By mid-May 1992 the negotiations stalled over what appeared to be fundamental differences. The NP’s constitutional proposals included enforced coalitions, a collegiate presid ency composed of the leaders of the major parties, serving as president on a rotational basis, and a senate that gave generously weighted representation to minority parties. It advocated a federal system with strong regional and local governments. The Democratic Party, the Inkatha Freedom Party and some of the homeland administrations also advocated federalism.
The ANC strongly opposed the NP’s proposals, rejecting enforced coalitions and minority vetoes, and insisting that minority parties would be adequately protected under majority rule by their assured representation under proportional representation, their ability as opposition to keep the government on its toes, and the development of a vigorous civil society. It was also suspicious of federalism, regarding it as a means whereby wealthier regions could protect their advantages.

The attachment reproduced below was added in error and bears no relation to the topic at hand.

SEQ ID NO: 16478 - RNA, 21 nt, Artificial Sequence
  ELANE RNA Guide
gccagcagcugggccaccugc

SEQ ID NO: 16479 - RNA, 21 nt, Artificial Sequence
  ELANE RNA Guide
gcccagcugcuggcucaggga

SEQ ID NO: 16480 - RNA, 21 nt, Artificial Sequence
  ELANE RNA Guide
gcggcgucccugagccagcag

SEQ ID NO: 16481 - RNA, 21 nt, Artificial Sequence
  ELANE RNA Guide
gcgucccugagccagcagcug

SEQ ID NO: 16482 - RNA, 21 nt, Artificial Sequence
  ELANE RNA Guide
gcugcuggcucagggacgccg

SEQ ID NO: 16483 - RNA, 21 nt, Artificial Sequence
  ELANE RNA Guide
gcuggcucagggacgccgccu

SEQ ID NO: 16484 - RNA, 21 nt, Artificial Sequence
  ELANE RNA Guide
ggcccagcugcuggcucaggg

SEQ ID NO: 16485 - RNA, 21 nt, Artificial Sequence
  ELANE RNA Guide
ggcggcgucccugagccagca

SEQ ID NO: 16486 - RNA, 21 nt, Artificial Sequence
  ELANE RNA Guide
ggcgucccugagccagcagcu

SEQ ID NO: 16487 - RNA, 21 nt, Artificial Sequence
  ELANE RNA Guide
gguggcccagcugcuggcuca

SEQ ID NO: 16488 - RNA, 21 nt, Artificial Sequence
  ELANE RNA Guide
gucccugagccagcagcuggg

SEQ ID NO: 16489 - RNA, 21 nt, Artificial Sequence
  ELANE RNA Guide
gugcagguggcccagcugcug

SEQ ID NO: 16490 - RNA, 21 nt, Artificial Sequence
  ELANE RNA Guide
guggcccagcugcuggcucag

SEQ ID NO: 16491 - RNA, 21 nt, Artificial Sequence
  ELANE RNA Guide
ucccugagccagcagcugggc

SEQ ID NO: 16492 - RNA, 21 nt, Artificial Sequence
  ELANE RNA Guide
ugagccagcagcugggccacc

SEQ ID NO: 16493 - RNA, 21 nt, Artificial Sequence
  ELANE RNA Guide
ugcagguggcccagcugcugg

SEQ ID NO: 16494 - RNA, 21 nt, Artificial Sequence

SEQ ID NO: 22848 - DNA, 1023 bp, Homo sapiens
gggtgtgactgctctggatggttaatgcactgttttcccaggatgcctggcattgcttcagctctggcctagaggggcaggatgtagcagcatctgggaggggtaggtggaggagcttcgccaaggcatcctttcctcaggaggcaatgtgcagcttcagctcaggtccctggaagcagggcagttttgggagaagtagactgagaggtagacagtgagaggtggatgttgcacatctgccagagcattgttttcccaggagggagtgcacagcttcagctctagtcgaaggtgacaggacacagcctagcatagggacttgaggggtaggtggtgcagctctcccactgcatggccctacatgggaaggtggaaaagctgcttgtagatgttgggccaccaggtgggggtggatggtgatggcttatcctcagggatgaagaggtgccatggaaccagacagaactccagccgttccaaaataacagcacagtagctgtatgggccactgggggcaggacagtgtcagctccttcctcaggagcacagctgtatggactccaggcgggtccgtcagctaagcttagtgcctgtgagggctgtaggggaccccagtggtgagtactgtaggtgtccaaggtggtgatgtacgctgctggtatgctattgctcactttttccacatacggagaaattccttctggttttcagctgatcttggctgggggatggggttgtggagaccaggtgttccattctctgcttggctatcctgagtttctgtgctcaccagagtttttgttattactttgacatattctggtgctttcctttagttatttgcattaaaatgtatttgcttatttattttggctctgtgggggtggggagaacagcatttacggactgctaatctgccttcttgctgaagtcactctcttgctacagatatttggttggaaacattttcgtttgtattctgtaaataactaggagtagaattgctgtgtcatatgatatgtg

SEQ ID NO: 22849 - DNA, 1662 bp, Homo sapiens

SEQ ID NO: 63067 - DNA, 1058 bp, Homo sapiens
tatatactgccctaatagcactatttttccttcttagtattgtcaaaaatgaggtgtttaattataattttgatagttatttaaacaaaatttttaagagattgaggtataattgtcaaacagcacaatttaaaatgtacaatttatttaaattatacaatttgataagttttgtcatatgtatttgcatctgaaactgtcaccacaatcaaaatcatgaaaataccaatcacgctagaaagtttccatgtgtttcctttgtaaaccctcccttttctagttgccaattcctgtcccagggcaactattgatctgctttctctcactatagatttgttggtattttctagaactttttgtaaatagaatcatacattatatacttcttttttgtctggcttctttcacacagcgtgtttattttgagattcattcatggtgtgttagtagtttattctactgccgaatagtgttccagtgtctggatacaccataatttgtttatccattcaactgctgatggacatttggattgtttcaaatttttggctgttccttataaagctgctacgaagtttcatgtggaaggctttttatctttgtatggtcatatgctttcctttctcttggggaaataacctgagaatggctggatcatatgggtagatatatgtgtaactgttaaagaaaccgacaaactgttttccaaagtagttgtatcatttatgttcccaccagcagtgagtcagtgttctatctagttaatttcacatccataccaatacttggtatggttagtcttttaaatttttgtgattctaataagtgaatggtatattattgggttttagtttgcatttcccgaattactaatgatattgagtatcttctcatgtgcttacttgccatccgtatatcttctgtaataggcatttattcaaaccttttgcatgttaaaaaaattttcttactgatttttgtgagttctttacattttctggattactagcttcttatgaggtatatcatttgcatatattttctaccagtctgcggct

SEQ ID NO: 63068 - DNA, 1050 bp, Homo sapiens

De Klerk had previously conceded the principle of an elected constitution-making body, but with the proviso that there should be a two-phase process in which an interim constitution would be drafted by a multiparty conference and enacted into law by the existing Tricameral Parliament. A fully inclusive Parliament, elected by universal franchise under the interim constitution, would act as a constitution-making body and draft and adopt a final constitution. A new body, the Constitutional Court, would have to certify that the constitution incorporated pre-agreed principles laid down by the original multiparty conference. De Klerk’s proposal, it transpired, became the template for the future trajectory of the constitutional negotiations.